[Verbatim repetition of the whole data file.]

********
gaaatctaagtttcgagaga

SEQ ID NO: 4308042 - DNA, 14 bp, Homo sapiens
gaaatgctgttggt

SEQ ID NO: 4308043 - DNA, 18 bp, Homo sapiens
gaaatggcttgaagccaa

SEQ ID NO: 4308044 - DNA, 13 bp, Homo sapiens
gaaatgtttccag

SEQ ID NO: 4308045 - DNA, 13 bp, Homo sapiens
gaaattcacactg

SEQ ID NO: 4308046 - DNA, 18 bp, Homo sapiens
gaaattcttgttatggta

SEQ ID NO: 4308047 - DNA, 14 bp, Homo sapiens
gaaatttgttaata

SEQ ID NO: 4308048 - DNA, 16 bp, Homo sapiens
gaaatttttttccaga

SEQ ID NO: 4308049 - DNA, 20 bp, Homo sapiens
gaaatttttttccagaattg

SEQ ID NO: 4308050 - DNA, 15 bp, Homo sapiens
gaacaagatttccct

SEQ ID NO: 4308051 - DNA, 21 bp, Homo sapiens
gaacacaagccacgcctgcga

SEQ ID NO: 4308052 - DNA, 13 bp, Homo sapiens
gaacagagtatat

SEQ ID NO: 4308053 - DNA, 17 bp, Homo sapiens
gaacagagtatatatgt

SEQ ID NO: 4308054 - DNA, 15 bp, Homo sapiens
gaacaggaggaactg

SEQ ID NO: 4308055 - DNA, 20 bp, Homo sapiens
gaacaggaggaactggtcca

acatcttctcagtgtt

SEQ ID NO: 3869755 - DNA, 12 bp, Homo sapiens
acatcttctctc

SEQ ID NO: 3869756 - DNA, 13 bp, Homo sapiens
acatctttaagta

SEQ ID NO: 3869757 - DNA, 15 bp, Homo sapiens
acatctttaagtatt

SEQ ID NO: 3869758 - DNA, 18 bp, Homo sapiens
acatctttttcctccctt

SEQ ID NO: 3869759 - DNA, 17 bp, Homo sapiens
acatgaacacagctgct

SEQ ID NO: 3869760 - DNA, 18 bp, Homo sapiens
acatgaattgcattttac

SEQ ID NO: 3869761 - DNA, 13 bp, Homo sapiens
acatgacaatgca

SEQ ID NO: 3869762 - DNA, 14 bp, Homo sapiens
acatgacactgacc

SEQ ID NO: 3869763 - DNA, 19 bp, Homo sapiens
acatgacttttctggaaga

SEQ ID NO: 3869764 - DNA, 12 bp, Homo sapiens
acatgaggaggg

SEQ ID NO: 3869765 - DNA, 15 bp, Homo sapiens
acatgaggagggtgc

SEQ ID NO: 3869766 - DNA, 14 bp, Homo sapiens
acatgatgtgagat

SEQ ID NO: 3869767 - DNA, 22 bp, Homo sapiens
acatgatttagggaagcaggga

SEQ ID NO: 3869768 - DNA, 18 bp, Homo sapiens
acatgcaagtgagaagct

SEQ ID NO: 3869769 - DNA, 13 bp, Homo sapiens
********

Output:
gaaatctaagtttcgagaga

SEQ ID NO: 4308042 - DNA, 14 bp, Homo sapiens
gaaatgctgttggt

SEQ ID NO: 4308043 - DNA, 18 bp, Homo sapiens
gaaatggcttgaagccaa

SEQ ID NO: 4308044 - DNA, 13 bp, Homo sapiens
gaaatgtttccag

SEQ ID NO: 4308045 - DNA, 13 bp, Homo sapiens
gaaattcacactg

SEQ ID NO: 4308046 - DNA, 18 bp, Homo sapiens
gaaattcttgttatggta

SEQ ID NO: 4308047 - DNA, 14 bp, Homo sapiens
gaaatttgttaata

SEQ ID NO: 4308048 - DNA, 16 bp, Homo sapiens
gaaatttttttccaga

SEQ ID NO: 4308049 - DNA, 20 bp, Homo sapiens
gaaatttttttccagaattg

SEQ ID NO: 4308050 - DNA, 15 bp, Homo sapiens
gaacaagatttccct

SEQ ID NO: 4308051 - DNA, 21 bp, Homo sapiens
gaacacaagccacgcctgcga

SEQ ID NO: 4308052 - DNA, 13 bp, Homo sapiens
gaacagagtatat

SEQ ID NO: 4308053 - DNA, 17 bp, Homo sapiens
gaacagagtatatatgt

SEQ ID NO: 4308054 - DNA, 15 bp, Homo sapiens
gaacaggaggaactg

SEQ ID NO: 4308055 - DNA, 20 bp, Homo sapiens
gaacaggaggaactggtcca

acatcttctcagtgtt

SEQ ID NO: 3869755 - DNA, 12 bp, Homo sapiens
acatcttctctc

SEQ ID NO: 3869756 - DNA, 13 bp, Homo sapiens
acatctttaagta

SEQ ID NO: 3869757 - DNA, 15 bp, Homo sapiens
acatctttaagtatt

SEQ ID NO: 3869758 - DNA, 18 bp, Homo sapiens
acatctttttcctccctt

SEQ ID NO: 3869759 - DNA, 17 bp, Homo sapiens
acatgaacacagctgct

SEQ ID NO: 3869760 - DNA, 18 bp, Homo sapiens
acatgaattgcattttac

SEQ ID NO: 3869761 - DNA, 13 bp, Homo sapiens
acatgacaatgca

SEQ ID NO: 3869762 - DNA, 14 bp, Homo sapiens
acatgacactgacc

SEQ ID NO: 3869763 - DNA, 19 bp, Homo sapiens
acatgacttttctggaaga

SEQ ID NO: 3869764 - DNA, 12 bp, Homo sapiens
acatgaggaggg

SEQ ID NO: 3869765 - DNA, 15 bp, Homo sapiens
acatgaggagggtgc

SEQ ID NO: 3869766 - DNA, 14 bp, Homo sapiens
acatgatgtgagat

SEQ ID NO: 3869767 - DNA, 22 bp, Homo sapiens
acatgatttagggaagcaggga

SEQ ID NO: 3869768 - DNA, 18 bp, Homo sapiens
acatgcaagtgagaagct

SEQ ID NO: 3869769 - DNA, 13 bp, Homo sapiens